Jan 26, 2019

By Tom Witosky

Follow @toskyAHLWild

When Justin Sturtz got his chance to become the Iowa Wild’s assistant equipment manager, he didn’t wait.

“It’s where I’ve always thought I should be,” the 35-year-old Des Moines area native said. “I’m just like everyone else who is in the American Hockey League. I am working to move up as far as I can.”

Mike “Tuna” Lefczik, the Wild’s veteran equipment manager and Sturtz’ boss, described his assistant as hardworking and someone “who is easy to teach.”

“He’s a beauty,” Lefczik said. “He has worked his way up to this job simply by working hard, learning the job and by being a good guy. I learned a long time ago that kind of combination means someone like that is going to be successful in this business.”

Iowa Head Coach Tim Army agreed, adding that Sturtz, like the rest of the Wild athletic training and equipment staff, doesn’t get nearly enough credit as they should for the work that they do.

“I can’t begin to say how hard their job is,” Army said. “It really is thankless work.”

Army pointed out just how the hours for Lefczik and Sturtz can pile up, particularly on road trips.

“You are talking about bussing from San Antonio to Austin after a game and we are getting in to the hotel about 1:30 and they still are going over to the rink to unpack the gear,” he said. “So that takes about 90 minutes so they aren’t back to the hotel and in bed till 3:30 a.m.“

Then, of course, the equipment staff has to be on hand to help players get ready for the morning skate.

“That is going on non-stop,” Army said. “The demands on those guys are incredible. The hours they put in are brutal sometimes.”

 For Sturtz, known as “Sturtzy” in the Wild locker room, the journey into becoming a part of a professional hockey support staff began simply enough – a roller skating party when he noticed a couple of guys playing roller hockey.

“I just got hooked on it,” said Sturtz, whose grandparents owned a roller skating rink in Clarion, his mother’s hometown. “After the party was over, I noticed a couple of guys playing so I joined them. It just went from there.”

For years after that, the 2001 Roosevelt High School graduate played roller hockey throughout the U.S. and in Canada as part of a Des Moines tournament team.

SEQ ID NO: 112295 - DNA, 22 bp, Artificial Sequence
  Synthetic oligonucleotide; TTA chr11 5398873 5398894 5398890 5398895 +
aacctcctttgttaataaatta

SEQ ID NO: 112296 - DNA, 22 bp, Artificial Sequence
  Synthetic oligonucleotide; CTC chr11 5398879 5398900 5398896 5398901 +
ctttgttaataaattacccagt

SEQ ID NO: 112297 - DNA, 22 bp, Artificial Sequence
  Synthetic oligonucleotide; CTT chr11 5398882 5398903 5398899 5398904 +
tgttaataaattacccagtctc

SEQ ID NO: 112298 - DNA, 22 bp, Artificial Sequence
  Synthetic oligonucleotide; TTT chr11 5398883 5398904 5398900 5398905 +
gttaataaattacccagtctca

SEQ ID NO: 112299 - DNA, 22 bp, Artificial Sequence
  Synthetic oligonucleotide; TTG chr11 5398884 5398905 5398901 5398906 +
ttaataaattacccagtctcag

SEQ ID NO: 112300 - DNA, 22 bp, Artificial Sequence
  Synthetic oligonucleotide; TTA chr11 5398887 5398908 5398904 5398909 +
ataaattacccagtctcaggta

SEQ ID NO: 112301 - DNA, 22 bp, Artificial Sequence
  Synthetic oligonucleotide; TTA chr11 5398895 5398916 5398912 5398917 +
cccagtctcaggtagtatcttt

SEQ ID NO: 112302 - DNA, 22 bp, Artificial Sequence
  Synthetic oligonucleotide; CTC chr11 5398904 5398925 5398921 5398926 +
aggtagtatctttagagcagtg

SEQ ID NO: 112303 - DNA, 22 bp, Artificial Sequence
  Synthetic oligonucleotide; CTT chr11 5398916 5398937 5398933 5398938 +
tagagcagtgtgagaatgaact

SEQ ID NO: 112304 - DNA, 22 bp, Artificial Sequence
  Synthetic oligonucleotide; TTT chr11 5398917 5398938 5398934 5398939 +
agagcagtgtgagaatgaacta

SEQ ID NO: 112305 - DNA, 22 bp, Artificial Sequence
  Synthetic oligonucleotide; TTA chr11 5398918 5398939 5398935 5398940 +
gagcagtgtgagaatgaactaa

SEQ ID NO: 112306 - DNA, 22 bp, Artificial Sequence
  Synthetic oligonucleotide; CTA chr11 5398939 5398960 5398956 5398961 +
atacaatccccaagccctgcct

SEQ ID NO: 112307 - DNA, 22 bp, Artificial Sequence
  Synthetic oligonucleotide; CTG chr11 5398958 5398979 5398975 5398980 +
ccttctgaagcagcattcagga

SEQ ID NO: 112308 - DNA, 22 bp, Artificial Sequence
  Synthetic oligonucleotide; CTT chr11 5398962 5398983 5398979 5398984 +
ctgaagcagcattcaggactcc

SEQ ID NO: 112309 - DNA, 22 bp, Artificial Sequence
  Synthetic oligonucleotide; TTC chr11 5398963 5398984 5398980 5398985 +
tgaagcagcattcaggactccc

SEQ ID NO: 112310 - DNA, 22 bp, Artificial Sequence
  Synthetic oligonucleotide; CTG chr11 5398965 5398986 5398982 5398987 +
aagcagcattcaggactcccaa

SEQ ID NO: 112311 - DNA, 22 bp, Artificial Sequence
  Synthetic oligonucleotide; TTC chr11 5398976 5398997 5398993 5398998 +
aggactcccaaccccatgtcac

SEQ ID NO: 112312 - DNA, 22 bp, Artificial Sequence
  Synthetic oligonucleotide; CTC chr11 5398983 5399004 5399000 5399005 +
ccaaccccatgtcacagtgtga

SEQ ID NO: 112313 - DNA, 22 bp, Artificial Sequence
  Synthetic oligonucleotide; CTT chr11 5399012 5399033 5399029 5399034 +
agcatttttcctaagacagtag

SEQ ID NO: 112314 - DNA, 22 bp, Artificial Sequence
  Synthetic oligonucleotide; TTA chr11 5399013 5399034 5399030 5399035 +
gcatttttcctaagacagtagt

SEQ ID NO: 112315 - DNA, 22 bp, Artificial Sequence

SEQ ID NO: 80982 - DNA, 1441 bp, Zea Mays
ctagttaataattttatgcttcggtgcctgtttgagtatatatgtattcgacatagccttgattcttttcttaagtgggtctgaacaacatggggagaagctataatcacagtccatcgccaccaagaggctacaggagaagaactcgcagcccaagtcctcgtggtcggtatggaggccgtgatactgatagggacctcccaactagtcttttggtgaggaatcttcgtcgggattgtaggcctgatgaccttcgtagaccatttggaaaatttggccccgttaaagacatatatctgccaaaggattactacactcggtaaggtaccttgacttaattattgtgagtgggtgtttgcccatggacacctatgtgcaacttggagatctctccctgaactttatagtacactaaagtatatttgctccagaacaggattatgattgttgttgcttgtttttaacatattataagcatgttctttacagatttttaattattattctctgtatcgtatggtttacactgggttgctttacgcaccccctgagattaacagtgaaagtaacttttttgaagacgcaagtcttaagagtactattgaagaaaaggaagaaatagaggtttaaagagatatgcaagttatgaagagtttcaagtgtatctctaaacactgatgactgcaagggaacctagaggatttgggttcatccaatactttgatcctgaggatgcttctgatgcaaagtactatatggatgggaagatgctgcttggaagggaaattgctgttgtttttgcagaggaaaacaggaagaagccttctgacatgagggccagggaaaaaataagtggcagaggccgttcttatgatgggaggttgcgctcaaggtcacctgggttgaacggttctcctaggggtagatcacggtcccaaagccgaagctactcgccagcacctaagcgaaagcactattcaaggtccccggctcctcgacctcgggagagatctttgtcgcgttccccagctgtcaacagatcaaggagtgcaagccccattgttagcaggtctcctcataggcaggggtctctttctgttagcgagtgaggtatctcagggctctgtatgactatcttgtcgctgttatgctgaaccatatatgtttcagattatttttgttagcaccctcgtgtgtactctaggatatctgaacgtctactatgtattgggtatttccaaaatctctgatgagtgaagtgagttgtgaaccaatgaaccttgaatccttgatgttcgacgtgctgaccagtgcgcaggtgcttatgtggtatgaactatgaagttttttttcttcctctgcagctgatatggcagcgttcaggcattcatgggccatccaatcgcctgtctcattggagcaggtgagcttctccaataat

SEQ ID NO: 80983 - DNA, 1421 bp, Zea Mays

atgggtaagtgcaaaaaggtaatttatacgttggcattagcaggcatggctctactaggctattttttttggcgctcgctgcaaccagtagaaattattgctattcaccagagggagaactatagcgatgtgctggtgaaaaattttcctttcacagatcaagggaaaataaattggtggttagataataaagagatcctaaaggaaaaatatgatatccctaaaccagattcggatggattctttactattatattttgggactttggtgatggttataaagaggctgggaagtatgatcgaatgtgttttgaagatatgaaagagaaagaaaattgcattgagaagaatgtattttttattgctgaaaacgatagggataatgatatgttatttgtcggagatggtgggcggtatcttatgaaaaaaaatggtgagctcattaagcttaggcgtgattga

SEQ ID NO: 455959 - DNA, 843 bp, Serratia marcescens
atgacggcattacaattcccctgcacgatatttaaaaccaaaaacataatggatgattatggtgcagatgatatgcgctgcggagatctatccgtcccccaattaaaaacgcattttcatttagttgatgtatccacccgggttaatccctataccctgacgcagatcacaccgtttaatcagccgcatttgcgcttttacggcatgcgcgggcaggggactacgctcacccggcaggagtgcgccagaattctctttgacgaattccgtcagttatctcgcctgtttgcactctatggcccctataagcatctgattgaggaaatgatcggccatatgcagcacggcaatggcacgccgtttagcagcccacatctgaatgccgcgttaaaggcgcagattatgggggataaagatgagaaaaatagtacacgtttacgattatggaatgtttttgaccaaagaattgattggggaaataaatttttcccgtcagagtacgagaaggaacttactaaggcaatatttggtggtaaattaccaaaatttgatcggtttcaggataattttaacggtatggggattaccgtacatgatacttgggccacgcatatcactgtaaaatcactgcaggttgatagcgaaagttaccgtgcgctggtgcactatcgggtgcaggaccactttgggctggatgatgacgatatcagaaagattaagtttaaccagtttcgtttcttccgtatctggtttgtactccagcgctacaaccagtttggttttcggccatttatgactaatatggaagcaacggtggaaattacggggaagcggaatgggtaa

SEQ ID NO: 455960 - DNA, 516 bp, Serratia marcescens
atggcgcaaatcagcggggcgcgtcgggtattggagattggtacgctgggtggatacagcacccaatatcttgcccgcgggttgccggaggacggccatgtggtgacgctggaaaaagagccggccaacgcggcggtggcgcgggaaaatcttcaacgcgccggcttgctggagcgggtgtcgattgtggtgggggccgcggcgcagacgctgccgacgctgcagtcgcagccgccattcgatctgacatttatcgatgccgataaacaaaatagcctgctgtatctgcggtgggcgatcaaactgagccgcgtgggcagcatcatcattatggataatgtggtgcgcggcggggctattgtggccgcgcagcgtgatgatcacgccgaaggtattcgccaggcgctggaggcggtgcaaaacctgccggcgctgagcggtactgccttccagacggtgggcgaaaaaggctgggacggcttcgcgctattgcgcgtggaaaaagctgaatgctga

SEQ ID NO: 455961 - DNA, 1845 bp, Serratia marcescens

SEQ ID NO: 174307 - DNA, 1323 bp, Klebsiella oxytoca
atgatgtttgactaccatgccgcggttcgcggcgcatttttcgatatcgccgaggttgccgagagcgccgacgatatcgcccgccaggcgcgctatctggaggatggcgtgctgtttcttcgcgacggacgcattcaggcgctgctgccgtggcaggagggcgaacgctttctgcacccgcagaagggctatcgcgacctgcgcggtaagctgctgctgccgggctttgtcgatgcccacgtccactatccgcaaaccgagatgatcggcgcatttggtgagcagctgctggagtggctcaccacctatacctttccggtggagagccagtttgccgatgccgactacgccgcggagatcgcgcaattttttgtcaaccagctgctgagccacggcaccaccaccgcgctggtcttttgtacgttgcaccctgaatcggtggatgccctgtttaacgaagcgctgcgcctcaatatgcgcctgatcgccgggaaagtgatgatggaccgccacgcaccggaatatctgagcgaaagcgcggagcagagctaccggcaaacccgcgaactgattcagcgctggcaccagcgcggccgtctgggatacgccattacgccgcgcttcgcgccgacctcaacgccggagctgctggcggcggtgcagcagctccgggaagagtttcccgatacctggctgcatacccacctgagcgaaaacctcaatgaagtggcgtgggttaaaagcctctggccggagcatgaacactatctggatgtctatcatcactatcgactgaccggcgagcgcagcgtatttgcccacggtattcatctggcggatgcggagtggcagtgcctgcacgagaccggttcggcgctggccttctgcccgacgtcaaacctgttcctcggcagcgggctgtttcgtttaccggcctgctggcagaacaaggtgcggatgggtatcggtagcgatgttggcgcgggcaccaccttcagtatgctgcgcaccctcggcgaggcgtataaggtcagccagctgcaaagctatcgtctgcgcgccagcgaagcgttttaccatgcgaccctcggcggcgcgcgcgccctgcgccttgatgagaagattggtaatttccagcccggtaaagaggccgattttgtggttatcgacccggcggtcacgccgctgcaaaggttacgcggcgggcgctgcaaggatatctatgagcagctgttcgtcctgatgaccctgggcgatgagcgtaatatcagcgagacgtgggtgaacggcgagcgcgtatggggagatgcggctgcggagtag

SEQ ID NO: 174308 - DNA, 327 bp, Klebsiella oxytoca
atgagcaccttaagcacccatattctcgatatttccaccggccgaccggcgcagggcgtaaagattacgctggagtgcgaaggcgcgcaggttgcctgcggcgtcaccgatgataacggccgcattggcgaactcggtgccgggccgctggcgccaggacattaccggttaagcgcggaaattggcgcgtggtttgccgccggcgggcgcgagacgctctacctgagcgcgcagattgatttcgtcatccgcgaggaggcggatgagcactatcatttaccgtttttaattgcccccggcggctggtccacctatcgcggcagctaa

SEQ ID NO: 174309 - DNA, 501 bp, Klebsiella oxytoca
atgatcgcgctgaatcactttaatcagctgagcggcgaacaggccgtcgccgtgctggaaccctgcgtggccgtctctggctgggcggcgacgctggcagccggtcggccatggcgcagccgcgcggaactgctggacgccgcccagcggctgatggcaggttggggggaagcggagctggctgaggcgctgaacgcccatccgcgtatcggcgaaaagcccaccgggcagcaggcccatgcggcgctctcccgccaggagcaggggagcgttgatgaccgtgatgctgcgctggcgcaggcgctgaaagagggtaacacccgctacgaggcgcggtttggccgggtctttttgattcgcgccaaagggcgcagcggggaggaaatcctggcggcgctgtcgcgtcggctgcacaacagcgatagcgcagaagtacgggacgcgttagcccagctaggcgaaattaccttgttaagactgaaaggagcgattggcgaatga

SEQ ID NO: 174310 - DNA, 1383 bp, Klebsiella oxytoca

“My first big tournament was in Toronto,” Sturtz said, adding that he would play against a former Iowa Wild player in a later tournament.

“I once played in a tournament against Pat Cannone,” Sturtz remembered.  “But, he remembered the pictures better than me of the tournament.  He was really good. He was better than me by a long shot.”

With that kind of experience, he said, moving to play on ice wasn’t really an option, but instead got involved in the support staff aspect after he applied for the job of equipment manager for the Des Moines Buccaneers.

“I just love hockey and wanted to find a way to stay in it,” said Sturtz, who was the Bucs equipment manager for four years when John Rogger and Dave Allison were head coaches. “I was working for the kids to get to the next level, whether it was further down the road in juniors or college or even professionally. My goal then, as it is now, is to help the players in every way that I can.”

Sturtz’s day begins early almost every day and ends late a lot of the time.

“Guys begin to show up early and we have to make sure they’ve got what they need,” he said. “I’m doing laundry, but, of course, we are always doing laundry. Then it comes to practice, then they come back in, we collect jerseys and socks and throw that in the washers.”

But an equipment manager’s job is more than just doing laundry. In fact, an equipment manager’s job requires a variety of skills, including an ability to sew and sharpen skates. Neither is easy and both take skill to accomplish

“I’m getting better at both,” Sturtz said with a laugh. “Sharpening skates is one of the most important jobs we do and it is an art form.  Every machine is different and you have to learn that and how it affects the blade.”

It also helps to know how to spell the last names of all the players in the locker room correctly, Lefczik said.

When Minnesota played St. Louis in the preseason game in Des Moines, Eric Staal discovered the nameplate above his locker read “Stall.”

“He did a phenomenal job getting both locker rooms set up. But when they get into the locker room, Eric Staal’s name is spelled wrong. That’s a learning experience that it is the small details that matter,” Lefczik said.

At the same time, Staal took it good-naturedly, Lefczik said, leaving Sturtz the nameplate autographed with the last name having “a bunch of Ls.”

Sturtz, like any AHL player or coach, has a dream to make it to NHL, but also understands that it will take a lot of hard works and long hours. Sturtz said that his wife, Melinda, and sons, Jaxon and Karson, support the effort and the goal.

“The goal is simple – the NHL. The key is hard work,” he said.

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